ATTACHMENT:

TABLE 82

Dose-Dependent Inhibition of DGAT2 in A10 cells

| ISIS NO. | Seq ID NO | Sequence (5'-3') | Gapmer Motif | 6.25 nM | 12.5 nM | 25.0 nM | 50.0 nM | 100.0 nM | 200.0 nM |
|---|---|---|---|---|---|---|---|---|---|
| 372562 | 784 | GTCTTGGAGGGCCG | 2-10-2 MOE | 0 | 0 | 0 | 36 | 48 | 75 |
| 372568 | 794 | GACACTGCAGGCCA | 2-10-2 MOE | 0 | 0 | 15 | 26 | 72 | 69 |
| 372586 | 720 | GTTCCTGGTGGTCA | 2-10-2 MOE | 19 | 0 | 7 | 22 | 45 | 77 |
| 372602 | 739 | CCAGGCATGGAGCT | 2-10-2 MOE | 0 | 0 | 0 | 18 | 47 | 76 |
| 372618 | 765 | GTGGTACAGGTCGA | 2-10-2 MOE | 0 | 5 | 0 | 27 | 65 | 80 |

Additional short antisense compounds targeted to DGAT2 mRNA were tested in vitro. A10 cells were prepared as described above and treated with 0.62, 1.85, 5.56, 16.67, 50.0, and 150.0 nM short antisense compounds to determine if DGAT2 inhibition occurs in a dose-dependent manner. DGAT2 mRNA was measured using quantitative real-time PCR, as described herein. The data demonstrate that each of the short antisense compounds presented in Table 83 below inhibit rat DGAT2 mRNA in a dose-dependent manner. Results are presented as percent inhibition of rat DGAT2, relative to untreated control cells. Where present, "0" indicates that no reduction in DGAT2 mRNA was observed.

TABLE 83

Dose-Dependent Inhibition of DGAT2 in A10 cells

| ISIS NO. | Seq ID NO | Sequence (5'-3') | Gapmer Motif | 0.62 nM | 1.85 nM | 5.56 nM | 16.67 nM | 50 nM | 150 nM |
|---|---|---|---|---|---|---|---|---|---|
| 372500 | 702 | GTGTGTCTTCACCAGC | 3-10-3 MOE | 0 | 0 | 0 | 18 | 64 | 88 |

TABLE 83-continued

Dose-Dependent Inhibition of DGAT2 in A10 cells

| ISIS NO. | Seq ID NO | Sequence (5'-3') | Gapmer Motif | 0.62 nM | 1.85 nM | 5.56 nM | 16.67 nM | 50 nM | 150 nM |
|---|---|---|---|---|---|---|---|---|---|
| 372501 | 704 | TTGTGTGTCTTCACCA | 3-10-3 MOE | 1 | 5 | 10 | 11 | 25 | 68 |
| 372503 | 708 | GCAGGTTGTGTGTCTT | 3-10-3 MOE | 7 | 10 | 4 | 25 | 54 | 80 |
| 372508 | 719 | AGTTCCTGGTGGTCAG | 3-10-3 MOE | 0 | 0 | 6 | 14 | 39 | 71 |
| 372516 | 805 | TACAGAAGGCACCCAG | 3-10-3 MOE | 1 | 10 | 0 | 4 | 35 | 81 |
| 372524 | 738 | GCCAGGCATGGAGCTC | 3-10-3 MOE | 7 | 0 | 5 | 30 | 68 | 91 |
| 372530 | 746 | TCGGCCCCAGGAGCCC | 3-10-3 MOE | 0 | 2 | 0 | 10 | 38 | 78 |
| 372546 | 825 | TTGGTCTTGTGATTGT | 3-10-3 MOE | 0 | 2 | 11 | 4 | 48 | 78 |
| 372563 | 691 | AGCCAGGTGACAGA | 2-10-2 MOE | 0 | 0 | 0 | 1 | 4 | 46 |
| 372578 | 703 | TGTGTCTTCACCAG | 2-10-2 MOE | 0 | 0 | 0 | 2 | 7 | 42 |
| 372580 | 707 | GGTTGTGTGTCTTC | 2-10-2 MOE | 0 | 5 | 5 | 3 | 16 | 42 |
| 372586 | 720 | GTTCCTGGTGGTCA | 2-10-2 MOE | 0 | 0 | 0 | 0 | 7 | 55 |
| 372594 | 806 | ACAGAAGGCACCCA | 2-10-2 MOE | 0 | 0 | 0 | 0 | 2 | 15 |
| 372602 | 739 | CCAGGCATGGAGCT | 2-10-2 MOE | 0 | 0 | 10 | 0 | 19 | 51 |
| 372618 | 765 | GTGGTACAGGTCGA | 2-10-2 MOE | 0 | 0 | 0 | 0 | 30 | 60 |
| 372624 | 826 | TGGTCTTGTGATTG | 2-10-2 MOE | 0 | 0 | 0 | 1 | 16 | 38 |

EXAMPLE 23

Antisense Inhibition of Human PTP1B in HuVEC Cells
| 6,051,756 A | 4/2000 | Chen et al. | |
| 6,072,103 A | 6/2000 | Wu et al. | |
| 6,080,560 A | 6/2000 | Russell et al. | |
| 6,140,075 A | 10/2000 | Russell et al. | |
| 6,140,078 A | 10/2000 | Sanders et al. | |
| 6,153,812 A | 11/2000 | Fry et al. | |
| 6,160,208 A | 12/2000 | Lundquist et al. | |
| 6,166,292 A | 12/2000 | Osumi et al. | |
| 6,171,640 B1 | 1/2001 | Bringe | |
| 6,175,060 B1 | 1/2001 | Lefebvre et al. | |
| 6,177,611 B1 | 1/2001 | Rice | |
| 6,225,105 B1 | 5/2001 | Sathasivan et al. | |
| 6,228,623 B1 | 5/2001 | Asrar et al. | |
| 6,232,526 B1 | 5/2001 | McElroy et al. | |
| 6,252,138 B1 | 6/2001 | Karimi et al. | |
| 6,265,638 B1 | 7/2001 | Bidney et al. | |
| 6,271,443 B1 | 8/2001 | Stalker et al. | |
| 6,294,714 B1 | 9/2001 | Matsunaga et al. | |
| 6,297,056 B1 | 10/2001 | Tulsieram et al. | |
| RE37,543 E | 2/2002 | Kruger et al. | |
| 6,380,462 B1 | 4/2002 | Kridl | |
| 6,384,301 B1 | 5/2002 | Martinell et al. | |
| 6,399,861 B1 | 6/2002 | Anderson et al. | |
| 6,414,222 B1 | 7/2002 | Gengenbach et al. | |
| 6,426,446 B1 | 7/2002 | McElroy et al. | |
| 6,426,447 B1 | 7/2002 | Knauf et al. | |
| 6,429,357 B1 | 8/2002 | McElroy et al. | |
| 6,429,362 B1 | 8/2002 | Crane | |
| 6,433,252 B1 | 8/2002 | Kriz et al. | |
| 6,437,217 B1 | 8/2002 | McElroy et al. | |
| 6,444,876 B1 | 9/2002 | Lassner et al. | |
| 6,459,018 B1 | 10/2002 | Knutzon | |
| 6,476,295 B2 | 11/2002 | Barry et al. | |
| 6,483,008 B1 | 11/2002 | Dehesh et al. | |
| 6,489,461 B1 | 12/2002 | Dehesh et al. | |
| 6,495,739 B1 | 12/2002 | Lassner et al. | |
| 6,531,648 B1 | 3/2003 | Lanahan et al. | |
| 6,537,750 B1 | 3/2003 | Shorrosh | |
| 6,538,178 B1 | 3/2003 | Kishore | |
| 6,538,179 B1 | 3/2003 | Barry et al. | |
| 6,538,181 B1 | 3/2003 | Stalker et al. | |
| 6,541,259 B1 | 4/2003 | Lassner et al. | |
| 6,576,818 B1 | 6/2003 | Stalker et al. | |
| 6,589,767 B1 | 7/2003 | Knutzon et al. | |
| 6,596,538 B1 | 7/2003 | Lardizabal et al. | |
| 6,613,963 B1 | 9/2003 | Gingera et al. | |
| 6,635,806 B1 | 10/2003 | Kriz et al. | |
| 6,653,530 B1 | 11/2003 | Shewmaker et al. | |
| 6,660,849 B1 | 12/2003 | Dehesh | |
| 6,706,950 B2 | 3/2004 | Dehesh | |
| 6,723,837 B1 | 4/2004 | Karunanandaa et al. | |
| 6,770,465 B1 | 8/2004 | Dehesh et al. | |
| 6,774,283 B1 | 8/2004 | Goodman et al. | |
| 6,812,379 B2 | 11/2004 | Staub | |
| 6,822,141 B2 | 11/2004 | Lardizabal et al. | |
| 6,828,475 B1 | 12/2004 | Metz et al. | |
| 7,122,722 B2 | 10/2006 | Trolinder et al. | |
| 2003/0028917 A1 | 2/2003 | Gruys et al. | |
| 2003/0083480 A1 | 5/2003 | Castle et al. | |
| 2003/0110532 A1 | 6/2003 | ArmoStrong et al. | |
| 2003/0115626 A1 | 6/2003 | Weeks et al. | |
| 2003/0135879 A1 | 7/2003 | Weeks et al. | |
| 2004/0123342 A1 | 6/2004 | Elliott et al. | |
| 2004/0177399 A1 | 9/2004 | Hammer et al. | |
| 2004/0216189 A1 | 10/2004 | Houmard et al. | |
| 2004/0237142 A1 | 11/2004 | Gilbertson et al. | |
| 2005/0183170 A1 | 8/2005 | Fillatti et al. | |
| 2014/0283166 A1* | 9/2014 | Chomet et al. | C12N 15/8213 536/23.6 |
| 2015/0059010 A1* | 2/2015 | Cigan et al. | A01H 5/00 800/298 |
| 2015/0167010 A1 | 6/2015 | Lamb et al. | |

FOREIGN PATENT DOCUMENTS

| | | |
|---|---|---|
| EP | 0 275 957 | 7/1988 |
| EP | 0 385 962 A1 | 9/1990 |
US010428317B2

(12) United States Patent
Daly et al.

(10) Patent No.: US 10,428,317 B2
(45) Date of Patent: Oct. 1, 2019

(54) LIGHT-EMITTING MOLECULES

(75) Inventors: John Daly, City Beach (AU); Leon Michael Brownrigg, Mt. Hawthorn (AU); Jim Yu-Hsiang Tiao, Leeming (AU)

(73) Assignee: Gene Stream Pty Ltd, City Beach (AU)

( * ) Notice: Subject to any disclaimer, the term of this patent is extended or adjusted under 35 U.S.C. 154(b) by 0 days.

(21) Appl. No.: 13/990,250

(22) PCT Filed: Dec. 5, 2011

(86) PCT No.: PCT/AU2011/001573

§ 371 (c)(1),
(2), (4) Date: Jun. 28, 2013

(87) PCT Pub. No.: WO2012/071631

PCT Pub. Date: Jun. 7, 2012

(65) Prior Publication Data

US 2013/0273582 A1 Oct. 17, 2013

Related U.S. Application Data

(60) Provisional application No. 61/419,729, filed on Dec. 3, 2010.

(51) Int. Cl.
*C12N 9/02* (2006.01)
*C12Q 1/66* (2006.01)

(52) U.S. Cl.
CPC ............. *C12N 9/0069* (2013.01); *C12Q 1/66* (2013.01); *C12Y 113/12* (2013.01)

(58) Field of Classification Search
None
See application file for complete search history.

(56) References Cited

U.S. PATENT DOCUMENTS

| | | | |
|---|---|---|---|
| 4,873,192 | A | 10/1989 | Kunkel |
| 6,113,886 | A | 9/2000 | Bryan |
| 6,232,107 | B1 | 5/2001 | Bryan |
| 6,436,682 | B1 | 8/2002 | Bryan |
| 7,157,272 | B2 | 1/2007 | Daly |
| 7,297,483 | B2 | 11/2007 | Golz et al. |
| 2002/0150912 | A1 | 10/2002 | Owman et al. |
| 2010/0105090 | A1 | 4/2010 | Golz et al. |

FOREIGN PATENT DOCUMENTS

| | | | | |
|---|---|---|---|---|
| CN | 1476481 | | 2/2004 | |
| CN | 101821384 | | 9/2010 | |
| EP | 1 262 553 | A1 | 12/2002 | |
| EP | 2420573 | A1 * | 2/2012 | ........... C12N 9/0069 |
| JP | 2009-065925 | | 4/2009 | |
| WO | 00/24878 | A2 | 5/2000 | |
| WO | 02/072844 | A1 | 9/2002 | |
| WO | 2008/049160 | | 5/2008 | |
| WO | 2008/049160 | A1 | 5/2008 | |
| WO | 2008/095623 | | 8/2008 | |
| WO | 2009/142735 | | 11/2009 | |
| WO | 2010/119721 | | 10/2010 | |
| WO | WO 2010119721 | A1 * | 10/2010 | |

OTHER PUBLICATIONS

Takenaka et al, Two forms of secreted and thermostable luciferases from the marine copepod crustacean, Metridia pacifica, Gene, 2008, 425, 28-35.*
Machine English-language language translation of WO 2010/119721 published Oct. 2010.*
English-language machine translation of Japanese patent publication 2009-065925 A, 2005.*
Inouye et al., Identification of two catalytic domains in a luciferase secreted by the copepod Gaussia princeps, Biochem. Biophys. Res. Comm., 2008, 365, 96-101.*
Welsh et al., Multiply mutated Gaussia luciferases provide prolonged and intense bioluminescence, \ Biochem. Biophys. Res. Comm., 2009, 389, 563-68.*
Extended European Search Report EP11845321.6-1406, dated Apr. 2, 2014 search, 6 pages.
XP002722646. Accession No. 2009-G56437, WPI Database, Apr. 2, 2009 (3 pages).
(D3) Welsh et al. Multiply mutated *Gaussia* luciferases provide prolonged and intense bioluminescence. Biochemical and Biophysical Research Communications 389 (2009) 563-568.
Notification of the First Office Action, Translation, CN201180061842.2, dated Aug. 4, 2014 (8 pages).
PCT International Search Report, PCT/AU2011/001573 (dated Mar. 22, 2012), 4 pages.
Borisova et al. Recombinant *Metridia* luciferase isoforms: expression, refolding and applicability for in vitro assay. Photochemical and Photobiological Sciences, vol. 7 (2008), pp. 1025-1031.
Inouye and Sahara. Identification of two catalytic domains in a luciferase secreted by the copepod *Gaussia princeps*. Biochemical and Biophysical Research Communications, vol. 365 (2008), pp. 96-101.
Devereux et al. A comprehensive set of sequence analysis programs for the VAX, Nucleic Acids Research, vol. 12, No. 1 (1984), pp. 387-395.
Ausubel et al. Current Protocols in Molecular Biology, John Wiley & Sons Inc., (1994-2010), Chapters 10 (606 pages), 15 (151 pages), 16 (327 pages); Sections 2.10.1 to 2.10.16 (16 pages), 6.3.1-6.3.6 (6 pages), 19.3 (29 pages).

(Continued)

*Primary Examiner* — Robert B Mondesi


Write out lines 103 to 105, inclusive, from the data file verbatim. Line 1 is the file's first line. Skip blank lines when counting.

| 2005/0183170 A1 | 8/2005 | Fillatti et al. | |
| 2014/0283166 A1* | 9/2014 | Chomet et al. | C12N 15/8213 536/23.6 |
| 2015/0059010 A1* | 2/2015 | Cigan et al. | A01H 5/00 800/298 |